David H. Hackworth
February 9, 1999
THE THINNEST RED LINE IN HISTORY
The year is 2020 and you are a fly on the wall at a Pentagon briefing for the commander in chief.
"Mr. President, the Army chief of staff just confirmed his rifle squad of 11 generals is good to go," says the chairman of the Joint Chiefs of Staff. "The chief of Naval Operations is ready to support, skippering our one ship with a hand-picked all-admiral crew. Our Air Force chief of staff is above the area of operations with his all-general crew in our one Stealth-Platinum bomber, ready to provide air support. The Marine commandant stands ready in reserve with a small amphibious fire team of his best generals. And not only are all 700 of our headquarters online, I'm proud to say their Internet reports are timely and flawless."
Sadly, if our military continues to build new major headquarters, promote more generals and expand the officer corps, and the price of hardware keeps skyrocketing, the above scenario may well become the real deal. In 1945, a fighter aircraft cost about 100,000 bucks, about the price of a WW II M-4 tank. Today, the sticker price on an F-22 fighter is around $70 million a copy while M-1-1A3 tanks run $2.5 million a pop. Today, with an active duty force of 1.4 million, there are more senior headquarters than in 1945, when we had 13 million folks wearing boots.
The U.S. Army presently has 30 Generals for each of its fighting divisions. In WW II, it had only 14 Generals per division and the divisions were 20 percent larger. The Navy has almost more Admirals than ships. During WW II, the Navy had 470 admirals and 61,000 warships - one admiral for every 130 ships. In 1999, the Navy's got 222 admirals for 354 ships. Do the math. The Air Force, the most officer heavy of all the services, actually has more Generals than bombers. In WW II, it had one General for every 244 aircraft. In 1999, it's got one General for every 23 airplanes. Even the once-lean Marine Corps has the inflation disease. With only three active infantry divisions, it has 12 more generals than it had during World War II- when it had six fighting divisions. Since 1945, the teeth that bite into the enemy have gotten smaller while the officer corps and the logistical and command tail have grown faster than kudzu weed. If this trend doesn't stop, our forces will have Generals galore - blubberous battalions of staff weenies and supporters - and few warriors. The Pentagon defends the rank inflation and the bloated tail and the lack of combat troop muscle with the argument that it's in the management business - that its logisticians and managers handle a $300 billion budget and keep together the largest infrastructure in the world.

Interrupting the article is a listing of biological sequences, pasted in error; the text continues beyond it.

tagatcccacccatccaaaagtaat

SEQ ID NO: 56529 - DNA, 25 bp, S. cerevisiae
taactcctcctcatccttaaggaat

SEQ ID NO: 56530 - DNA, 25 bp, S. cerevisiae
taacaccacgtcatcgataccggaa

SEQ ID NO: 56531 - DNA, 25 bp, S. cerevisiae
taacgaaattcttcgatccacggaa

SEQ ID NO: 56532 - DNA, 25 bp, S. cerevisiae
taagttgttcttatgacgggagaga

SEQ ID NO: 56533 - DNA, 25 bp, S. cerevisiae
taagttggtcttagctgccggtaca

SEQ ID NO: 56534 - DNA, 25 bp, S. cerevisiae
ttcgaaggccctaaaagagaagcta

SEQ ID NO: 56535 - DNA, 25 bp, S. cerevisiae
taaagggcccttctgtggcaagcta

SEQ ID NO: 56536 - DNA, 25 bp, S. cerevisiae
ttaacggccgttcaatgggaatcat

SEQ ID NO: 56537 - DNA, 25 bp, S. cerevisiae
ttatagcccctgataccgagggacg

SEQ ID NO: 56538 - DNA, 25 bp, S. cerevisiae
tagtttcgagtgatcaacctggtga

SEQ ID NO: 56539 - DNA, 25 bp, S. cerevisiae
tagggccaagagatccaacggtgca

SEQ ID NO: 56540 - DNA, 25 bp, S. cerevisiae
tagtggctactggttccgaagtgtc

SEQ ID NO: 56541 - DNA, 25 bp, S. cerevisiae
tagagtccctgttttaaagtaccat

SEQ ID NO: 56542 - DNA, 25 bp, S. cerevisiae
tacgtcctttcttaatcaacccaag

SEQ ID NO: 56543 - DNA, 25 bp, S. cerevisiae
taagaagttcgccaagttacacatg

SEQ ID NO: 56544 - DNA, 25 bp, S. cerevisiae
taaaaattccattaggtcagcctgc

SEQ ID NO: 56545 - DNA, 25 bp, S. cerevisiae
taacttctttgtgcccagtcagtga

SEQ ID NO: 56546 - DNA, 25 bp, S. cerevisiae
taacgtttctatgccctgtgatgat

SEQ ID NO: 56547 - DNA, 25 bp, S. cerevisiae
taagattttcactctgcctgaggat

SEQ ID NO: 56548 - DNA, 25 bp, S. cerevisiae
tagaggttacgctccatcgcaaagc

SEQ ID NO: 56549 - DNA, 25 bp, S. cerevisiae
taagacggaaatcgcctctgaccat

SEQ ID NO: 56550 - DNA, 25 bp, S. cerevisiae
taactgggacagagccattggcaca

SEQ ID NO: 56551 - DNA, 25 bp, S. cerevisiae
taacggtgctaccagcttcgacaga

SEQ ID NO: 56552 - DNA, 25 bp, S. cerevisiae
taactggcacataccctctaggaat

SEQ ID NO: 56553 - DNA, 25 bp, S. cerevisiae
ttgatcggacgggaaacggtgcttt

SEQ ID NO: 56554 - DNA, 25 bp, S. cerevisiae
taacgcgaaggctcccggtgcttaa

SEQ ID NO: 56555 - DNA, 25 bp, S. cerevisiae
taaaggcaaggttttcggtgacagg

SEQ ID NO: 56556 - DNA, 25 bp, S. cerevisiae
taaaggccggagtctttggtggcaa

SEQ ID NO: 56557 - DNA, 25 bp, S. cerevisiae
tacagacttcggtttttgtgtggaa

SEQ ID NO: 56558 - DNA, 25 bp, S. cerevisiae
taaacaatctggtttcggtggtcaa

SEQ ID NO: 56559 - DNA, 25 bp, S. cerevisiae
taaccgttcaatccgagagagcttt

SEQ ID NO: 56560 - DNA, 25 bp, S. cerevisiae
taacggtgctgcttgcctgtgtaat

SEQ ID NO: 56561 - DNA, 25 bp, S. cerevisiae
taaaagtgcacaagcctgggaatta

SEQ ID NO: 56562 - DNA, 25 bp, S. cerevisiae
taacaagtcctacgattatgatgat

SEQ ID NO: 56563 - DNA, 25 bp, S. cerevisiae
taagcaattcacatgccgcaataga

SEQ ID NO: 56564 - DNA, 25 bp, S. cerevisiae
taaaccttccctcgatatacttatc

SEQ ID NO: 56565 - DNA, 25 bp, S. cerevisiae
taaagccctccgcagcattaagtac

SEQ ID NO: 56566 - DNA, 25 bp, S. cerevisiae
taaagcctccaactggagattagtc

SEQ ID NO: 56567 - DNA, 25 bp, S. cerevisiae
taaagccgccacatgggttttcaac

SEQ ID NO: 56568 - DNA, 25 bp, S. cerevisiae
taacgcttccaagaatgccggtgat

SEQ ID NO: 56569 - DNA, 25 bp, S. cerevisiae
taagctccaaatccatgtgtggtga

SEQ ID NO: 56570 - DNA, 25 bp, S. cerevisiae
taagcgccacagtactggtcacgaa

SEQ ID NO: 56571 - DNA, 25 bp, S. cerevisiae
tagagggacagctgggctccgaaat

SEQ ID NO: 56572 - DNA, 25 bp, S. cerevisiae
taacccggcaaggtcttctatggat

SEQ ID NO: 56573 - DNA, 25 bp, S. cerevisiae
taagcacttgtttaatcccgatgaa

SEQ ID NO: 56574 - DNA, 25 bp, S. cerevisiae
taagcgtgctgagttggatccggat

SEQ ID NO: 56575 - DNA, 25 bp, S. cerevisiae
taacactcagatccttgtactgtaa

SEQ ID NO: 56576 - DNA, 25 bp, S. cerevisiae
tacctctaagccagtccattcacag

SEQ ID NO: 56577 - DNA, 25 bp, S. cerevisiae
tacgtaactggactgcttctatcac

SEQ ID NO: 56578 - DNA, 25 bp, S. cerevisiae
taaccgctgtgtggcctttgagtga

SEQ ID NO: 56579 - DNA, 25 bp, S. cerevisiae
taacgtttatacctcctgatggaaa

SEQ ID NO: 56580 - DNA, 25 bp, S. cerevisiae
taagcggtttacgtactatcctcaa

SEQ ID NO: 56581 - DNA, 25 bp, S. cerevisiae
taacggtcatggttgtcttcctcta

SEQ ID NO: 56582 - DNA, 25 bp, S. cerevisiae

Spare us this drivel! Since the tail replaced the tooth and managers took over from Patton and Halsey-like leaders, we stopped winning wars. Well-led troops are what put holes in enemy soldiers, fix airplanes, run ships and make things happen.
In WW II, there was one officer to 11 riflemen. Today, the ratio is one officer to six grunts. Take our forces in Germany. Our fighting units there have been cut by two thirds since the Berlin Wall fell, but not so the palaces for the top brass. There are three times more Generals than infantry battalion skippers. All stay busy conducting inspections, micromanaging the troops and writing papers which become more hoops for the troops to jump through. And our four NATO combat brigades have four headquarters with fat staffs above them, breathing down their flak jackets, whipping up irrelevant to-do lists.
It's the same in South Korea, where we have two combat brigades supervised by a four-star general and multi-star studded echelons of higher headquarters above them. But staffers and critical rear echelon supporters, however well supervised by a galaxy of stars and bars, don't take objectives. Matter of fact, I've never seen a general and his staff in an attack. During my last 53 years of fighting in or covering the profession of arms, I've learned this truth: only well-trained, well-led and well-armed warriors win battles.